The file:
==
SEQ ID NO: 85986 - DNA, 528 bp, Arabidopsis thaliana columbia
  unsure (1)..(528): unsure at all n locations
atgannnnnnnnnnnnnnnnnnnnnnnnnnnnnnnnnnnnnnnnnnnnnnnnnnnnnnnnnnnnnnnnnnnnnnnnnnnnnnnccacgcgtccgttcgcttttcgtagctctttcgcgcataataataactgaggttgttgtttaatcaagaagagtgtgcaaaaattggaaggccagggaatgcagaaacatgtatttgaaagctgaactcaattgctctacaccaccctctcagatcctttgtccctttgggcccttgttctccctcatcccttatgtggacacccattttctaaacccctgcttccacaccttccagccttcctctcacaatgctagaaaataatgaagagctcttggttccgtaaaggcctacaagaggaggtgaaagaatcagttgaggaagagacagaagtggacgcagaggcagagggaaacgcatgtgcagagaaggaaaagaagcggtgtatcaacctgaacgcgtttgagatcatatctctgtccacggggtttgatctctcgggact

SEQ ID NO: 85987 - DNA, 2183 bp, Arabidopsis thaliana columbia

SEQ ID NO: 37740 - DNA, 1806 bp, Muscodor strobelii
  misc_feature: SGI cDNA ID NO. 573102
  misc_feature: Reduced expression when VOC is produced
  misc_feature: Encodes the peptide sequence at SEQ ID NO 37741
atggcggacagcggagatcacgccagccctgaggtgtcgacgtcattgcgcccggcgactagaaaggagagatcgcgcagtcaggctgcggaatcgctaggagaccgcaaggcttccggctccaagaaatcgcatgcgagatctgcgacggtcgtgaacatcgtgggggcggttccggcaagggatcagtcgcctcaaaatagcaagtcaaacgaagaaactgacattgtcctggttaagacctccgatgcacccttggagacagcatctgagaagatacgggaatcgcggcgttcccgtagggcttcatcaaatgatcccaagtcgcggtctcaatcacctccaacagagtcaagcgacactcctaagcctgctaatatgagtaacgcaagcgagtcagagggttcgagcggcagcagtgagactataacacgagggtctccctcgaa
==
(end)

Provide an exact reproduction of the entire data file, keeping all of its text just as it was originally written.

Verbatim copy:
SEQ ID NO: 85986 - DNA, 528 bp, Arabidopsis thaliana columbia
  unsure (1)..(528): unsure at all n locations
atgannnnnnnnnnnnnnnnnnnnnnnnnnnnnnnnnnnnnnnnnnnnnnnnnnnnnnnnnnnnnnnnnnnnnnnnnnnnnnnccacgcgtccgttcgcttttcgtagctctttcgcgcataataataactgaggttgttgtttaatcaagaagagtgtgcaaaaattggaaggccagggaatgcagaaacatgtatttgaaagctgaactcaattgctctacaccaccctctcagatcctttgtccctttgggcccttgttctccctcatcccttatgtggacacccattttctaaacccctgcttccacaccttccagccttcctctcacaatgctagaaaataatgaagagctcttggttccgtaaaggcctacaagaggaggtgaaagaatcagttgaggaagagacagaagtggacgcagaggcagagggaaacgcatgtgcagagaaggaaaagaagcggtgtatcaacctgaacgcgtttgagatcatatctctgtccacggggtttgatctctcgggact

SEQ ID NO: 85987 - DNA, 2183 bp, Arabidopsis thaliana columbia

SEQ ID NO: 37740 - DNA, 1806 bp, Muscodor strobelii
  misc_feature: SGI cDNA ID NO. 573102
  misc_feature: Reduced expression when VOC is produced
  misc_feature: Encodes the peptide sequence at SEQ ID NO 37741
atggcggacagcggagatcacgccagccctgaggtgtcgacgtcattgcgcccggcgactagaaaggagagatcgcgcagtcaggctgcggaatcgctaggagaccgcaaggcttccggctccaagaaatcgcatgcgagatctgcgacggtcgtgaacatcgtgggggcggttccggcaagggatcagtcgcctcaaaatagcaagtcaaacgaagaaactgacattgtcctggttaagacctccgatgcacccttggagacagcatctgagaagatacgggaatcgcggcgttcccgtagggcttcatcaaatgatcccaagtcgcggtctcaatcacctccaacagagtcaagcgacactcctaagcctgctaatatgagtaacgcaagcgagtcagagggttcgagcggcagcagtgagactataacacgagggtctccctcgaa